I remember the intense desire to get the attention of a boy that I liked when I was 12 or 13. It wasn’t a comfortable feeling since I was chronically nervous that I would screw it up or that he would see something about me that was not pleasing to him.
Impressing our peer group or getting noticed by those we are crushed out on is something most of us experience in life. Now that I’m older, and pleasantly resigned to the truth of who I am, I aim to impress but do so with a full dose of me, and nothing less. I’m less sensitive to the fact that the real me won’t work for everyone. I know there are loads of people who will dig what I’ve got to offer.
When we’re young though, our world – even with twitter and the like – is smaller, and peer influence is stronger. Like me at 12, some kids work really hard, all the time, to get noticed. Some kids present themselves and do things that seem antithetical to their true selves. Maybe there is a way to help kids navigate this urge to impress without giving up important parts of themselves.
I’m going to use the word ‘dating’ loosely since I’m not sure how well it resonates for young people today. It wasn’t a word I used as a teenager – I mostly hung out with groups of friends and even one-on-one time with a person wasn’t called ‘a date’. Still, I’m talking about the times when we’re making an impression, seeking attention, looking for connection.
I know there aren’t a lot of 12 year olds with jobs but what if we can find some parallels between first dates and going to a job interview? I think most young people can appreciate that a great job is one that a) draws on our passions and b) uses and develops our skills, abilities and interests. Kick ass jobs are only kick ass when these conditions are met. Loads of money is nice, prestige and influence might be sought by some, but without passion and skill, it can be a good job but not a great job. And, wherever possible, why not pursue a great job?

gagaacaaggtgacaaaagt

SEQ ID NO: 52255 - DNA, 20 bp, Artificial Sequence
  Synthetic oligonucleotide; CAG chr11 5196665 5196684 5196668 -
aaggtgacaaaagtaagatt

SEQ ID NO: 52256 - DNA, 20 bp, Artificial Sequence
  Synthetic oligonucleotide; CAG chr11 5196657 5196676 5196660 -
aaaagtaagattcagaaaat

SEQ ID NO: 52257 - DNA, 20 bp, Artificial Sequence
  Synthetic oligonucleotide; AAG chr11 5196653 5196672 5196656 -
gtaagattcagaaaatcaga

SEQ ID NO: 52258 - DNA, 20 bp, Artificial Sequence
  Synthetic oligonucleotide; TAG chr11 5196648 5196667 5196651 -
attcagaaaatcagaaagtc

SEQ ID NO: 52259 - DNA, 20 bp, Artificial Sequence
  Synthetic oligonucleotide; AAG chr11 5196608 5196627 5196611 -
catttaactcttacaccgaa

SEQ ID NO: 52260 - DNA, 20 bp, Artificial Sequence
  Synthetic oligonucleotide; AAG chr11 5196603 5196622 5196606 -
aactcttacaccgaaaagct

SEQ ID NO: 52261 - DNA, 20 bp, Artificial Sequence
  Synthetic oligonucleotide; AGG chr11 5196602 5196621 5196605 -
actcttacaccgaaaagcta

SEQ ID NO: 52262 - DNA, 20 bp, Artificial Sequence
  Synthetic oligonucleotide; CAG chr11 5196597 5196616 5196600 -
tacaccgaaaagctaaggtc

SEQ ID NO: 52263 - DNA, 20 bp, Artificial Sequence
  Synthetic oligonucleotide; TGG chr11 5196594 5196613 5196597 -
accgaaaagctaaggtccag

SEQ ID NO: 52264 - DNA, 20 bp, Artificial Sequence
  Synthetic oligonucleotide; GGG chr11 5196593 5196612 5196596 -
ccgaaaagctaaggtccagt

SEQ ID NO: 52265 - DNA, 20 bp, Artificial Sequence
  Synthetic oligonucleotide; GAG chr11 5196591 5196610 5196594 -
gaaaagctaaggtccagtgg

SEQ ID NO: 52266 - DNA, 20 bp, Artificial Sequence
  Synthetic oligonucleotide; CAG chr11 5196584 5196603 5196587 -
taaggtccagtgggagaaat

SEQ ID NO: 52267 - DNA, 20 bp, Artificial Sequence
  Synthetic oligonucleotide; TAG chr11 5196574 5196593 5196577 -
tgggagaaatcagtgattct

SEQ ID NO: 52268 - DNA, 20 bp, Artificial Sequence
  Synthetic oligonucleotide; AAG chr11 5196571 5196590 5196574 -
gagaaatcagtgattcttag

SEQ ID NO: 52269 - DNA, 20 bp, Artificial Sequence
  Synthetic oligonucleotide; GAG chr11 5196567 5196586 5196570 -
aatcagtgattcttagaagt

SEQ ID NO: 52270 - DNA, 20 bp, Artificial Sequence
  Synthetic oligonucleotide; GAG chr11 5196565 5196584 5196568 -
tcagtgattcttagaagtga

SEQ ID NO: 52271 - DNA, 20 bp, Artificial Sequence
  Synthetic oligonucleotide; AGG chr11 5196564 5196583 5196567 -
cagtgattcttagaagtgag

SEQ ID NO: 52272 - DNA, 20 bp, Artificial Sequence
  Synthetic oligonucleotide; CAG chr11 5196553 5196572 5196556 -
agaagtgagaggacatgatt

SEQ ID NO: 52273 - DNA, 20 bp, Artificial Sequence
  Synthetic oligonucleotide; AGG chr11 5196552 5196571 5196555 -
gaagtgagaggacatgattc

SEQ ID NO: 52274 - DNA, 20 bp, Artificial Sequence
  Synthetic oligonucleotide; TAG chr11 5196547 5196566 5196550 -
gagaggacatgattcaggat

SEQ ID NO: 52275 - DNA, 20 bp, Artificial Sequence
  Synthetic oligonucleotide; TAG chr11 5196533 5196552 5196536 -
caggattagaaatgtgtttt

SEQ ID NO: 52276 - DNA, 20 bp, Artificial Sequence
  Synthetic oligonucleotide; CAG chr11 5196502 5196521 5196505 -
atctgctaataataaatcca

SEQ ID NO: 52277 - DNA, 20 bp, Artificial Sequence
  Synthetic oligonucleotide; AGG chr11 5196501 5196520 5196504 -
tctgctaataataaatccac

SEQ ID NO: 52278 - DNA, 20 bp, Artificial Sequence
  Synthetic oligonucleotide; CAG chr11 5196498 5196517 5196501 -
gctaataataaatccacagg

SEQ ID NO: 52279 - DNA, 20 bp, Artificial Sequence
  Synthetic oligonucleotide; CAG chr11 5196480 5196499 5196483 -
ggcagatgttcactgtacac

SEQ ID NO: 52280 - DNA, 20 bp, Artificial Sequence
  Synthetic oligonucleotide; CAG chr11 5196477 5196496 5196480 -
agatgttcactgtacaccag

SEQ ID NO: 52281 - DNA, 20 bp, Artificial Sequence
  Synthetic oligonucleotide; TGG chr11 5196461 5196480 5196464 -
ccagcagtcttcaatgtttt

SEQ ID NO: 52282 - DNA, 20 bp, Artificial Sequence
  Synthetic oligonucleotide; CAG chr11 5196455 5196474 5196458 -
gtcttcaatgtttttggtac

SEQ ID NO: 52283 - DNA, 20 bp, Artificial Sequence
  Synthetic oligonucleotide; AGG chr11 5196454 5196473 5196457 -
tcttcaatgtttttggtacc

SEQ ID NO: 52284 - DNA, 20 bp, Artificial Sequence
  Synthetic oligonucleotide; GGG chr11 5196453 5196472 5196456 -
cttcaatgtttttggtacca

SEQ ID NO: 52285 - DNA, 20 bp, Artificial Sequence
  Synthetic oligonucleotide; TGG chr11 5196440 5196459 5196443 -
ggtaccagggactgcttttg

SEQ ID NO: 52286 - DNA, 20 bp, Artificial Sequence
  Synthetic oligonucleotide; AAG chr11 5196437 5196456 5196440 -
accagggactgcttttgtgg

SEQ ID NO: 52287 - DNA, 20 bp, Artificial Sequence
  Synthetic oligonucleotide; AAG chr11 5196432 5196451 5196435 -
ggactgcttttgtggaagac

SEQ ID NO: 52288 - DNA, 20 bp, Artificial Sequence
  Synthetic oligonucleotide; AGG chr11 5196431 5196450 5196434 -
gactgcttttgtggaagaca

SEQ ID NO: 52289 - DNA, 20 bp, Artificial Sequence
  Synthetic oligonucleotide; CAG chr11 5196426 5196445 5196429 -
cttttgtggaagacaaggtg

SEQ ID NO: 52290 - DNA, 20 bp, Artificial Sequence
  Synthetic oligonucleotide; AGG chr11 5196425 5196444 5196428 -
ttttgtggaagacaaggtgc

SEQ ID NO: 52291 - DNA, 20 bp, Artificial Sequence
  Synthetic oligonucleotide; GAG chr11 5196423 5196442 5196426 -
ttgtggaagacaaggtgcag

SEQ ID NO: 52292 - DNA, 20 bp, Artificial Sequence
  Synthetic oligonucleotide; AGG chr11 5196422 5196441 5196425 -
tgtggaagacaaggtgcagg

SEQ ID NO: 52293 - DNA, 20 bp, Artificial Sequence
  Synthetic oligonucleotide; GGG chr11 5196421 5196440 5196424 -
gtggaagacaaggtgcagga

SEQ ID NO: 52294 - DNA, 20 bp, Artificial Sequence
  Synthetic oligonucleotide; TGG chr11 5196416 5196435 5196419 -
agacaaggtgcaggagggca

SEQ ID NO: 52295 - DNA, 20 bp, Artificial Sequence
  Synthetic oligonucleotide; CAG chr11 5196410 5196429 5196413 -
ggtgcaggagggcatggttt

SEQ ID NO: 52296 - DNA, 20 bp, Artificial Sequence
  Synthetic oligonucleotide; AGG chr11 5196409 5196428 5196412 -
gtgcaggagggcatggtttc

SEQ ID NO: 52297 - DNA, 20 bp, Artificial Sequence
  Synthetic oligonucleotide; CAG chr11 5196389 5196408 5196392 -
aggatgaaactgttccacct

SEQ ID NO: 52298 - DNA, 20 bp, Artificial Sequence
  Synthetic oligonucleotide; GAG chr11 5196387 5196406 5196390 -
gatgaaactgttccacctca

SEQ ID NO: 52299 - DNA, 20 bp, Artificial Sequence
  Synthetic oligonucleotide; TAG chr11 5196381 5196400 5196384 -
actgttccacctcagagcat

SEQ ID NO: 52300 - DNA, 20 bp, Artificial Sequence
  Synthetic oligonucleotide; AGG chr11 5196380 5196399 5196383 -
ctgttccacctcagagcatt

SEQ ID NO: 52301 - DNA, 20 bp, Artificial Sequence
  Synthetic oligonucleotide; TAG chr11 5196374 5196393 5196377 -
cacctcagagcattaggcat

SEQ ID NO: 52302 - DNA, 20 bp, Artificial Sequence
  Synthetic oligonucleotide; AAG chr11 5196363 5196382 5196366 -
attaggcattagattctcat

Same is true for dating. Why not hang out with someone great? Someone who sparks your passion and appreciates all that you have to offer? A job interview is a chance to ask: Do I want to work here? With these people? Will I learn? Grow? Expand my horizons? A first date provides an opportunity to ask the exact same questions.
I know it’s intense – both getting ‘the date’ and securing employment - but at the end of the day we need the right date and the right job. Once you have a foot in the door, it’s all about determining whether the connection will meet your needs.
- Understand that during adolescence our kids will explore and experiment with how they present themselves to the world That’s not a bad thing. In fact, it will help them find their authentic selves.
- Give some perspective without judgement. Gently remind young people that doing something for someone else that doesn’t work (or feel good) for them, isn’t sustainable in the long run. Recent research out of the University of Toronto validates the idea that engaging in sex to please someone else, leaves people with lower levels of relationship and sexual satisfaction.
- Provide examples of what healthy relationships look like – honest, communicative, mutually respectful, trusting, joyful. Show your kid this fabulous relationship graph created by Justin of Bish Training in the U.K. and talk about its various components.
- Support kids to trust their gut – to feel the niggle and distinguish between having the hots for someone and embarking on actions that don’t feel quite right.
- Selflessness has its place but even Mother Teresa got something (profound) out of giving. Help kids recognize the value of getting what they need.
- Model thoughtful evaluation of actions that have repercussions. It’s helpful for our kids to see our thought processes and understand that many decisions require substantial deliberation to determine the best course of action.
- Encourage them to reflect on their actions so that on the next first date they ask different questions and better seek to fulfill their needs.